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Facebook Has A Grand Plan To Take On Google Search Engine: Will It Work?

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Facebook has started testing a search engine within Facebook that will allow users to post links to content without having to search it from Google.

Some U.S. users will begin to see an "add link" option next to other buttons, after which the user will type a search term and links will appear.

"The addition of the in-app search feature aims to continue the centralization of mobile users' activity to its own platform," said IHS Technology senior analyst Eleni Marouli. "The more functions the Facebook app can deliver, the more user engagement it can provide for its clients: advertisers."

This is not the first time that Facebook has tried to enter the search game, with previous attempts drawing mixed response. In 2013 the company unveiled Graph Search in an attempt to help users go through the millions of posts being uploaded and typed out each year. Of course, the company also had a long partnership with Microsoft to bring Bing search results to searches conducted within Facebook. This relationship between the two companies ended last year.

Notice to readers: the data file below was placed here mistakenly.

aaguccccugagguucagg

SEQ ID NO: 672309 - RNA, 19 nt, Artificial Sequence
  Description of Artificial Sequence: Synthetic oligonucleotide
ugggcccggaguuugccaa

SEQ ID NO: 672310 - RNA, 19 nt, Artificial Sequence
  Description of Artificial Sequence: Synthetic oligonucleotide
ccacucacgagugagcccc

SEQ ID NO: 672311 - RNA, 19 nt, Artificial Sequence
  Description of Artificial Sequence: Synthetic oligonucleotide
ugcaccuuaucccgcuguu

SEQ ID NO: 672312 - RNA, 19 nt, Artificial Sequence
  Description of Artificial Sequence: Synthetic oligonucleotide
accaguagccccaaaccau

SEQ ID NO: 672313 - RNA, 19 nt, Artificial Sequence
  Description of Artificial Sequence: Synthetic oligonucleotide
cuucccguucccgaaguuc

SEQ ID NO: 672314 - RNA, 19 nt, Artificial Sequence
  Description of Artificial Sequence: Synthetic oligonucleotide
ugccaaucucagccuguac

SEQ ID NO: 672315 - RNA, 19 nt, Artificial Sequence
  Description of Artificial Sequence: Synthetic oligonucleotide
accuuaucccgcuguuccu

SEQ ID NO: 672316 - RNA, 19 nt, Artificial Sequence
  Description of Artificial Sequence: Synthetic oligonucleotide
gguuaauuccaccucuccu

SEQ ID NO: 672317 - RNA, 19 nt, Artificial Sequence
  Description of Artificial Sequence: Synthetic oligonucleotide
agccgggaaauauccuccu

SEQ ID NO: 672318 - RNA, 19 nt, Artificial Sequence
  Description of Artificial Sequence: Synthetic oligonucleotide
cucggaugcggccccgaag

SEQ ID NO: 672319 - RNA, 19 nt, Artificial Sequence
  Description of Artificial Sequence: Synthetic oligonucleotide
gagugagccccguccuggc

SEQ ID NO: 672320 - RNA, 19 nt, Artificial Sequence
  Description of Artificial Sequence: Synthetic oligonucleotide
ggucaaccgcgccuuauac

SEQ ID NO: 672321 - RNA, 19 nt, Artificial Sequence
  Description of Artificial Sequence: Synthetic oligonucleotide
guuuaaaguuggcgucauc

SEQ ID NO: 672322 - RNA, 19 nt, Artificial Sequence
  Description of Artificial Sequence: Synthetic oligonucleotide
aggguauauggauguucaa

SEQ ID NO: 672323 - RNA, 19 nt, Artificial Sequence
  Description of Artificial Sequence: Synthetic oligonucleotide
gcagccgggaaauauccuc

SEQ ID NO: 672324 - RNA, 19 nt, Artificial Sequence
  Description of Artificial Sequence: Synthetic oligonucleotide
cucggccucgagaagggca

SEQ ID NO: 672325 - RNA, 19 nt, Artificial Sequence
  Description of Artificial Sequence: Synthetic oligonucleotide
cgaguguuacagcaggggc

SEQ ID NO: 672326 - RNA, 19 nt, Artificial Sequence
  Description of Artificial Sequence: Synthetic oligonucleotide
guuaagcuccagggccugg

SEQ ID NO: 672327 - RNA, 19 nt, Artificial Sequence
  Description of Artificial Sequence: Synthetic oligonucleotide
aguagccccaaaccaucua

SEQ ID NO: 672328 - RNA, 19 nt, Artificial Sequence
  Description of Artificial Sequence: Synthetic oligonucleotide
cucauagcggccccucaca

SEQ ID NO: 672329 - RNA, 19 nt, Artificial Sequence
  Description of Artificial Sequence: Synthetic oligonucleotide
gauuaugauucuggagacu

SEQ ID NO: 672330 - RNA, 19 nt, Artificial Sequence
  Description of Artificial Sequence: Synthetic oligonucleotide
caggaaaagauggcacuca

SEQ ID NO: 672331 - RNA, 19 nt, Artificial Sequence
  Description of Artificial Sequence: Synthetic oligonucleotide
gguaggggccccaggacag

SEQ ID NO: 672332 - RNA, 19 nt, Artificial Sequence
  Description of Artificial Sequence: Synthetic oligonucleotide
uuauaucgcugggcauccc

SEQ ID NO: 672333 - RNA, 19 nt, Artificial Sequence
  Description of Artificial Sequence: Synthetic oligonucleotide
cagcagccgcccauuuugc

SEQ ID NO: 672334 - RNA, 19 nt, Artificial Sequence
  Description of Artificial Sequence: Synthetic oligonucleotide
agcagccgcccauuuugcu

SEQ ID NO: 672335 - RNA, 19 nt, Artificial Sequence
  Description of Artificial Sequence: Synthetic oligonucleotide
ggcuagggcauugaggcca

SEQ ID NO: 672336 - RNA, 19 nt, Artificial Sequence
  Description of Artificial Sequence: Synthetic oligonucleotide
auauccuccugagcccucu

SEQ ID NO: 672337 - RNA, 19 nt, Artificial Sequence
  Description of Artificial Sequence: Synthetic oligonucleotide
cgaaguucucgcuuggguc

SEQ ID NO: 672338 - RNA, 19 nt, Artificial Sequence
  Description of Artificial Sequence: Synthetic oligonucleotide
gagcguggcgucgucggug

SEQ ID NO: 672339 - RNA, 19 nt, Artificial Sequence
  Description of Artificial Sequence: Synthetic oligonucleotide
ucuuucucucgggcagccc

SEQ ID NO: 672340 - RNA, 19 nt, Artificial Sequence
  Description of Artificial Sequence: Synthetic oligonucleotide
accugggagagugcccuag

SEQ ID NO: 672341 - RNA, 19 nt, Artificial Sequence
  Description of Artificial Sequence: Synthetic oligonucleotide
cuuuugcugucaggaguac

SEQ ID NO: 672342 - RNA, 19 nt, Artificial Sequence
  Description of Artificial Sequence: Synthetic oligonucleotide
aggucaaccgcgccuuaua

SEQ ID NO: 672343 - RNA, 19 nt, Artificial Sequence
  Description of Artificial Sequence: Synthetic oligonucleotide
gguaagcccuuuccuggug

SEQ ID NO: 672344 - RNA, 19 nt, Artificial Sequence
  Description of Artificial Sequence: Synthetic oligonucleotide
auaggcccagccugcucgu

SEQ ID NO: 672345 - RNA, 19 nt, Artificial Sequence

The move is yet another attempt for the company to keep users inside the Facebook app and to cut down on how much it relies on other companies.

The emphasis on keeping mobile users within the Facebook app is not for no reason. Facebook recently reported that a massive 73 percent of all of its advertising revenue came from mobile devices. Not only that, but almost 9 out of 10 Facebook users access Facebook through a mobile device. Because of this, Facebook accounts for around 46.8 percent of mobile ad revenue.

Facebook also said that it has indexed a whopping 1 trillion posts, meaning that results found in Facebook are often of data that Google does not have.

Of course, Google won't be going down any time soon. While Facebook might start to chip away at Google's dominance a little, Google will remain the king of search for the foreseeable future.

"We're going to start off focusing on stuff that's unique to Facebook, that you couldn't really answer those questions elsewhere," said Mark Zuckerberg in a conference call in July, when discussing the indexing of data.

Facebook's "add link" program is still being tested, and it is not yet known how long it will be before the feature is rolled out to all mobile users. Currently it is only being tested on iPhone; however, it is likely that Facebook will also test the feature on other operating systems. 

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